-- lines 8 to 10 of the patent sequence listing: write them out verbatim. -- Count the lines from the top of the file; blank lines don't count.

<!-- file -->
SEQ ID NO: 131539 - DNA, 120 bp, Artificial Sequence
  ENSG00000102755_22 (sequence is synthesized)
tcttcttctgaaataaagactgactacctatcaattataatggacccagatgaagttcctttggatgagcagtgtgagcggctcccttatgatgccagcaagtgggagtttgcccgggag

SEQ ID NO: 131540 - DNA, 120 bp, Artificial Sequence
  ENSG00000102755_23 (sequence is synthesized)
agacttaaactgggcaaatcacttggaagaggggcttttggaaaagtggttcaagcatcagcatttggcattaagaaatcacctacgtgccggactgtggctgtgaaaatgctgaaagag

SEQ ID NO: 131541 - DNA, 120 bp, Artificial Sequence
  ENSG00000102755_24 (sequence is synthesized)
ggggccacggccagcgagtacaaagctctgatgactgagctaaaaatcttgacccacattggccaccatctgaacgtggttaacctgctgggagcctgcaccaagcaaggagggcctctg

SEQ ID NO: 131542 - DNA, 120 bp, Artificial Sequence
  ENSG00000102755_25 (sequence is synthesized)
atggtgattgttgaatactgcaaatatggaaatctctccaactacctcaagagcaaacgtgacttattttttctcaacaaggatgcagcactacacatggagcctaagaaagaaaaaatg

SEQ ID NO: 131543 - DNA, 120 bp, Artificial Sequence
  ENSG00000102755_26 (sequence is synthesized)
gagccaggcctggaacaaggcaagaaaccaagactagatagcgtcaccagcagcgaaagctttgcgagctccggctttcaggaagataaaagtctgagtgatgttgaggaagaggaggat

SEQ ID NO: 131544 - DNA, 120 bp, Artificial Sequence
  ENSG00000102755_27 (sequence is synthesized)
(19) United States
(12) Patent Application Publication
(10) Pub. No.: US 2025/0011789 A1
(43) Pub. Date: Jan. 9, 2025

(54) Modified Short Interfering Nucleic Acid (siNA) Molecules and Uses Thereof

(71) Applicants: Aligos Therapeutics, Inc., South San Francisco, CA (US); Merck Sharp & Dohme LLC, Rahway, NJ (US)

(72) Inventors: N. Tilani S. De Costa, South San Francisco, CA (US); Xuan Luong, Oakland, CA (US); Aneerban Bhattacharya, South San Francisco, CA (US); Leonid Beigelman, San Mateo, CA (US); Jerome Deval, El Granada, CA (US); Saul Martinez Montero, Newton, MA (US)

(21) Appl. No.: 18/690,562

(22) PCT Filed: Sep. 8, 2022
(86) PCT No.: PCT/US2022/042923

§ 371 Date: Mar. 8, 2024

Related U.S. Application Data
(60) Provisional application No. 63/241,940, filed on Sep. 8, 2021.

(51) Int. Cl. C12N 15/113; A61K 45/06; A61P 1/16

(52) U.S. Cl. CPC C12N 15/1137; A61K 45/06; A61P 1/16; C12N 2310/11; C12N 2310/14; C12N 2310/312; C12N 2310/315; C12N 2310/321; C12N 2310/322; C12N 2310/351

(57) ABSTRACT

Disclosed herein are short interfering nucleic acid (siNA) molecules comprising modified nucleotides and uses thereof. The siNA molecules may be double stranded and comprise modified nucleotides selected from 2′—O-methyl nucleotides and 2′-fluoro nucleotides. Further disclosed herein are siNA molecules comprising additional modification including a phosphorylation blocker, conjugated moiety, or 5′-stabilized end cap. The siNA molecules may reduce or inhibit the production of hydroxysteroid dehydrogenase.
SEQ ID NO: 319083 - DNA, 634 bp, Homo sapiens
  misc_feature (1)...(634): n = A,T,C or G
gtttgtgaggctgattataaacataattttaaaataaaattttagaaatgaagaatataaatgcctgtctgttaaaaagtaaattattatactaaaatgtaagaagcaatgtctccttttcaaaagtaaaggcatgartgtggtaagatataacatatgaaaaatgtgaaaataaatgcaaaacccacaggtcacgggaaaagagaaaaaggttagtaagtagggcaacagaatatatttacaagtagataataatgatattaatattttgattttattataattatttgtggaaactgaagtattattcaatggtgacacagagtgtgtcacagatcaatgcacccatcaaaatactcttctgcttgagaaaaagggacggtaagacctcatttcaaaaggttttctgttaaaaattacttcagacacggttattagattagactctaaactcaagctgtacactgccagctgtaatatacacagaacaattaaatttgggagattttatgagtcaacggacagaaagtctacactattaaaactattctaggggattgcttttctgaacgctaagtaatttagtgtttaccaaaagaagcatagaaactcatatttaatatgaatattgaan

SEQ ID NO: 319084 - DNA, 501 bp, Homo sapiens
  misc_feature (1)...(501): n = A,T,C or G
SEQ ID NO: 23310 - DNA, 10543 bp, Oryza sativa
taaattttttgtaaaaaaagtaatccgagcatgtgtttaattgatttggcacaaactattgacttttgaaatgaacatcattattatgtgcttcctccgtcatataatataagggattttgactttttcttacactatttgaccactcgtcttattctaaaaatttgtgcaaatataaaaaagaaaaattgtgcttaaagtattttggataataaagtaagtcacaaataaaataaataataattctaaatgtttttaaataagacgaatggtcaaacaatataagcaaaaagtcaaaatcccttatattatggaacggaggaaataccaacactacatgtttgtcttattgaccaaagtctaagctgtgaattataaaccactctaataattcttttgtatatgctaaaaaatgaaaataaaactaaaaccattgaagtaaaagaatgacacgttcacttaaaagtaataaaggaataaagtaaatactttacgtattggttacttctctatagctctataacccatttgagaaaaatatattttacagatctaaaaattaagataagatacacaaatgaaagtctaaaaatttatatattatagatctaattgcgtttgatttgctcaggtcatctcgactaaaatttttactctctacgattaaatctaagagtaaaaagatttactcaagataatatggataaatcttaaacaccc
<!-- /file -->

  ENSG00000102755_24 (sequence is synthesized)
ggggccacggccagcgagtacaaagctctgatgactgagctaaaaatcttgacccacattggccaccatctgaacgtggttaacctgctgggagcctgcaccaagcaaggagggcctctg

SEQ ID NO: 131542 - DNA, 120 bp, Artificial Sequence